101.DEF
XBRL Taxonomy Extension Definition Linkbase Document
 
 
101.LAB
XBRL Taxonomy Extension Label Linkbase Document
 
 
101.PRE
XBRL Taxonomy Extension Presentation Linkbase Document
 
 



SIGNATURE
Pursuant to the requirements of the Securities Exchange Act of 1934, the Registrant has duly caused this report to be signed on its behalf by the undersigned thereunto duly authorized.
 
 
JACK IN THE BOX INC.
 
 
 
 
By:
/S/    JERRY P. REBEL        
 
 
Jerry P. Rebel
 
 
Executive Vice President and Chief Financial Officer (principal financial officer)
(Duly Authorized Signatory)
Date: February 18, 2015

33
EX101


JACK IN THE BOX INC.
TIME-VESTING RESTRICTED STOCK UNIT AWARD AGREEMENT
UNDER THE 2004 STOCK INCENTIVE PLAN

This Time-Vesting Restricted Stock Unit Award Agreement (the “Agreement”) is made and entered into effective as of [Month Day, Year] (the “Grant Date”) by and between Jack in the Box Inc., a Delaware corporation (the “Company”), and [First Name Last Name] (the “Awardee”).
RECITALS
The Compensation Committee (the “Committee”) of the Board of Directors of the Company (the “Board”) which administers the Company’s 2004 Stock Incentive Plan, as amended from time to time (the “Plan”), has granted to the Awardee as of the Grant Date this award of Time-Vesting Restricted Stock Units (the “RSU Award”), on the terms and conditions set forth herein.
AGREEMENT
In consideration of the foregoing and of the mutual covenants set forth herein and other good and valuable consideration, the parties hereto agree as follows:
1.    CONSIDERATION. The RSU Award has been granted in consideration of the Awardee’s continued employment with the Company or a Subsidiary Corporation and acceptance by the Awardee of the terms and conditions set forth below and in the Plan.
2.    TIME-VESTING RESTRICTED STOCK UNIT AWARD
(a)    RSU AWARD. The Committee hereby grants to the Awardee as of the Grant Date, pursuant to the terms of the Plan and this Agreement, an award (the “Award”) of [Total # Units Granted] RSUs representing the right to receive an equal number of shares of the Company’s Common Stock (“Stock”) upon vesting over a period of years. All of the RSUs are nonvested and forfeitable as of the Grant Date.
(b)    TIME-BASED VESTING. The RSUs will be subject to vesting over 5 years, subject to the provisions of this Agreement, and may be rounded in each case to avoid fractional shares:
<<Number of Units>> RSUs shall vest on [Month Day, Year – 1 year from grant date]
<<Number of Units>> RSUs shall vest on [Month Day, Year – 2 years from grant date]
<<Number of Units>> RSUs shall vest on [Month Day, Year – 3 years from grant date]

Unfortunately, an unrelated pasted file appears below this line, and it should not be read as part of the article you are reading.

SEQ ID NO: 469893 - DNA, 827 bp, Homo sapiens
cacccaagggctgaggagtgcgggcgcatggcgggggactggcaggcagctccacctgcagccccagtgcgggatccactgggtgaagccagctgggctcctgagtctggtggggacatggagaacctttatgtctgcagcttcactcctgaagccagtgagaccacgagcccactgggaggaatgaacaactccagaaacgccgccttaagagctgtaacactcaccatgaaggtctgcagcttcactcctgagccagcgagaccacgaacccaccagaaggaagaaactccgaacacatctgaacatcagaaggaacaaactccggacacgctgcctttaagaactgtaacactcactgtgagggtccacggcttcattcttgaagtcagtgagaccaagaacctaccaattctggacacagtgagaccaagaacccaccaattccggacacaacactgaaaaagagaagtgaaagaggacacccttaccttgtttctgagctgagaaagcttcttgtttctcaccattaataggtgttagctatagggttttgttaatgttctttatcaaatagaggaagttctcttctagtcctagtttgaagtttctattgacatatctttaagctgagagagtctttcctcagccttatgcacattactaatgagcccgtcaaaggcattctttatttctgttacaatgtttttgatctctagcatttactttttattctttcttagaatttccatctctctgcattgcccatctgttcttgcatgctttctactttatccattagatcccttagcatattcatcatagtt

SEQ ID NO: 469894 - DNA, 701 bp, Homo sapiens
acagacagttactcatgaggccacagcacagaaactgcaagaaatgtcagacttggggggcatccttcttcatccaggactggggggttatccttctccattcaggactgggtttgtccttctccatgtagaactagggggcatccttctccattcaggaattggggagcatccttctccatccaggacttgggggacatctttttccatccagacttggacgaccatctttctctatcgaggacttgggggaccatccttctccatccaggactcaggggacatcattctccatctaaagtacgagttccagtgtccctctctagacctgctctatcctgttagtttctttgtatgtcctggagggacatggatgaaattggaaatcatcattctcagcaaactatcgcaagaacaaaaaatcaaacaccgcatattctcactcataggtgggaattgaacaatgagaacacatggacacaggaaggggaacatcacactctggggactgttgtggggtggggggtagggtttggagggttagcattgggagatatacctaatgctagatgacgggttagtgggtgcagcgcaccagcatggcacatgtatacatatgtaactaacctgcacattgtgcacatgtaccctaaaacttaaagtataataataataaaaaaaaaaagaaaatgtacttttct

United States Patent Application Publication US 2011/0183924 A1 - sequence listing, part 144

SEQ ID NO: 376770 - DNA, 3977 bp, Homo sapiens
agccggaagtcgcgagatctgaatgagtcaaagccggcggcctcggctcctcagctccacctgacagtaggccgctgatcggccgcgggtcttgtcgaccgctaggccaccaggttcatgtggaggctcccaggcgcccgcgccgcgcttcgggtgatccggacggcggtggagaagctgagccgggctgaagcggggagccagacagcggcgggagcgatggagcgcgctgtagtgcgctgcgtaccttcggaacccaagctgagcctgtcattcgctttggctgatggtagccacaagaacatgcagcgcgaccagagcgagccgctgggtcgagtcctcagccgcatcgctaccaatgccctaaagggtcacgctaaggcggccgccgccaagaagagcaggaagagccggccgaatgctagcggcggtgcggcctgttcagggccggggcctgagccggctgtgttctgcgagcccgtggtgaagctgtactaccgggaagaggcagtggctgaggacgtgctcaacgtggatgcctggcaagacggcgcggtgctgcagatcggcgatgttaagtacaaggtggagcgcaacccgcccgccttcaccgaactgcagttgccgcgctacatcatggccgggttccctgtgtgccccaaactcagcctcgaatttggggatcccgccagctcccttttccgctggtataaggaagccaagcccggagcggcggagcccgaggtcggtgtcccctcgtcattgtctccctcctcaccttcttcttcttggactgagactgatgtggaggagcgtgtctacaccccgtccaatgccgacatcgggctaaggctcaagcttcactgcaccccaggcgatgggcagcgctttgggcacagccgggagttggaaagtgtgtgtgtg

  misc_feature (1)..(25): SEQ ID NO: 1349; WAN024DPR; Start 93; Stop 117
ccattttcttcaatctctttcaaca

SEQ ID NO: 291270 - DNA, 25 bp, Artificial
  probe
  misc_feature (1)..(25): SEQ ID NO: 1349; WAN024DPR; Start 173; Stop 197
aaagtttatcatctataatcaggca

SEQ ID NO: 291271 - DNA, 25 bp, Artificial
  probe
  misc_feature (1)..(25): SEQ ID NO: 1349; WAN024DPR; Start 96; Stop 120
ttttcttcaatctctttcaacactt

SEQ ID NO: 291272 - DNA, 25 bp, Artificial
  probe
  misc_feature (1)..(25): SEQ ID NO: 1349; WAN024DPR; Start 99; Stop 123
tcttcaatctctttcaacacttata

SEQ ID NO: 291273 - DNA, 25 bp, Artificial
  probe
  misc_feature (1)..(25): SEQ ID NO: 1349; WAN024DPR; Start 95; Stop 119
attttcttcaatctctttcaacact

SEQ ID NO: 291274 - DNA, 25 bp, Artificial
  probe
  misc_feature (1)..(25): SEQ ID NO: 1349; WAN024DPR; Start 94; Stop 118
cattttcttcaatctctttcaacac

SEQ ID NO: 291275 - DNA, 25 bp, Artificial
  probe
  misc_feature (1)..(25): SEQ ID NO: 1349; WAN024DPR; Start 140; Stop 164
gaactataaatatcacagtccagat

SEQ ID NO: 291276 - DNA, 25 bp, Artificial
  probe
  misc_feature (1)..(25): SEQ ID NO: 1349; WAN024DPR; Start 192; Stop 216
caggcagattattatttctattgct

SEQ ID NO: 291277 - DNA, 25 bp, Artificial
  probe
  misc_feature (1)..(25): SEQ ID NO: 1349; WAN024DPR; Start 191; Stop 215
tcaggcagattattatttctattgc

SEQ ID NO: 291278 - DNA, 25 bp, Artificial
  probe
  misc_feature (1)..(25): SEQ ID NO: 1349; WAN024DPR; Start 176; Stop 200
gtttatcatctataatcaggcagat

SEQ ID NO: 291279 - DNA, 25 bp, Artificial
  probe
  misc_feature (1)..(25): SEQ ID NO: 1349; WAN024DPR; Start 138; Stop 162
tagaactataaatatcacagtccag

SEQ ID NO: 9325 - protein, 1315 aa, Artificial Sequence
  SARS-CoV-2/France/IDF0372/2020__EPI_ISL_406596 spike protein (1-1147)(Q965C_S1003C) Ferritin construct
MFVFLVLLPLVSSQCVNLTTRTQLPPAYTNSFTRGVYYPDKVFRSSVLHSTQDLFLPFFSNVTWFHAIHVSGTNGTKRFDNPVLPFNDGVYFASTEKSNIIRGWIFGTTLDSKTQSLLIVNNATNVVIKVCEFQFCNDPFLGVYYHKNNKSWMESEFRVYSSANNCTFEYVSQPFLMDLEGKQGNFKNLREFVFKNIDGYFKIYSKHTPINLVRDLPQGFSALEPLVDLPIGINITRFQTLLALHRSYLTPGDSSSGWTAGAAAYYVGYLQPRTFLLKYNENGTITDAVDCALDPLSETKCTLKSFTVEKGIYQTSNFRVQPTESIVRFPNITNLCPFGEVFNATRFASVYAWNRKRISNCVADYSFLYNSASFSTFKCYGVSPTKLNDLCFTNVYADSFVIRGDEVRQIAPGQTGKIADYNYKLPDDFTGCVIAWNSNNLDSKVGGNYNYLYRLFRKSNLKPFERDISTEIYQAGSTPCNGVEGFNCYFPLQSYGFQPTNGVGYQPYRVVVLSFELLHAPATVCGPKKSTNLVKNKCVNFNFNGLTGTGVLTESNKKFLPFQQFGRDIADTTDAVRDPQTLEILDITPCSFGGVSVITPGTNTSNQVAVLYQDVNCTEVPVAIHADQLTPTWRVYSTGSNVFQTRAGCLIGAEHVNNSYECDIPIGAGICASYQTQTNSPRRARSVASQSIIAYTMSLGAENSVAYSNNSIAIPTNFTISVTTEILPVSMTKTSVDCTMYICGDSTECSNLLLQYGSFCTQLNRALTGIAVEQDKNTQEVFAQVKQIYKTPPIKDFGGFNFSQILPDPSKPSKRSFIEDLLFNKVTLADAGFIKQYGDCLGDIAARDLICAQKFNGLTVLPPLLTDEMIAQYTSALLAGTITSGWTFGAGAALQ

<<Number of Units>> RSUs shall vest on [Month Day, Year – 4 years from grant date]
<<Number of Units>> RSUs shall vest on [Month Day, Year – 5 years from grant date]
Each such date on which vesting is scheduled to occur shall be referred to as a “Vesting Date.” Vesting shall be contingent on the Awardee’s continued employment with the Company or a Subsidiary Corporation from the Grant Date through the applicable Vesting Date.
3.    TERMINATION OF EMPLOYMENT.

v2014-11



(a)    General. Except as set forth in paragraph (b) below, if the Awardee ceases to provide Service to the Company or a Subsidiary Corporation prior to the date that the RSUs vest in full, then the unvested RSUs as of the date of such cessation will be forfeited to the Company immediately and automatically upon such cessation without payment of any consideration for the RSUs, and the Awardee will have no further right, title or interest in or to such RSUs or the underlying shares of Stock.
(b)    Termination due to Death, Disability, or Retirement. If the Awardee ceases to provide Service to the Company or a Subsidiary Corporation prior to the date that the RSUs vest in full due to the Awardee’s death, Disability, or Retirement, then all unvested RSUs shall become 100% vested on the date of such cessation. For purposes of this Agreement: (i) “Disability” means a physical or mental condition that results in a total and permanent disability to such extent that the Awardee is eligible for disability benefits under the federal Social Security Act, and (ii) “Retirement” means the Awardee’s termination of employment other than “for cause” (as determined by the Board in its sole discretion) due to retirement at age 55 or older with 10 or more full years of continuous Service with the Company or a Subsidiary Corporation. Accelerated vesting in accordance with the foregoing will only occur if the Awardee’s cessation of employment is also a “separation from service” as defined in Section 409A of the Code.
4.    SETTLEMENT OF RSUs.
(a)    Subject to the provisions of this Agreement, including Sections 11 and 20(g), and the six-month delay of payment described in paragraph (b) below, the Company shall deliver to the Awardee through a Company-designated brokerage firm, within 30 days following the applicable RSU vesting date, a number of shares of Stock equal to the number of RSUs that became vested on such vesting date (the “Award Shares”), net of any tax withholding.
(b)    If the Awardee is, on the date of the Awardee’s cessation of employment, a “specified employee,” as described in Section 409A of the Code and determined by the Company, then payment of the RSUs that become vested in accordance with Section 3 due to Awardee’s cessation of employment due to Disability or Retirement will be made within 30 days after the six-month anniversary of the Awardee’s cessation of employment.
5.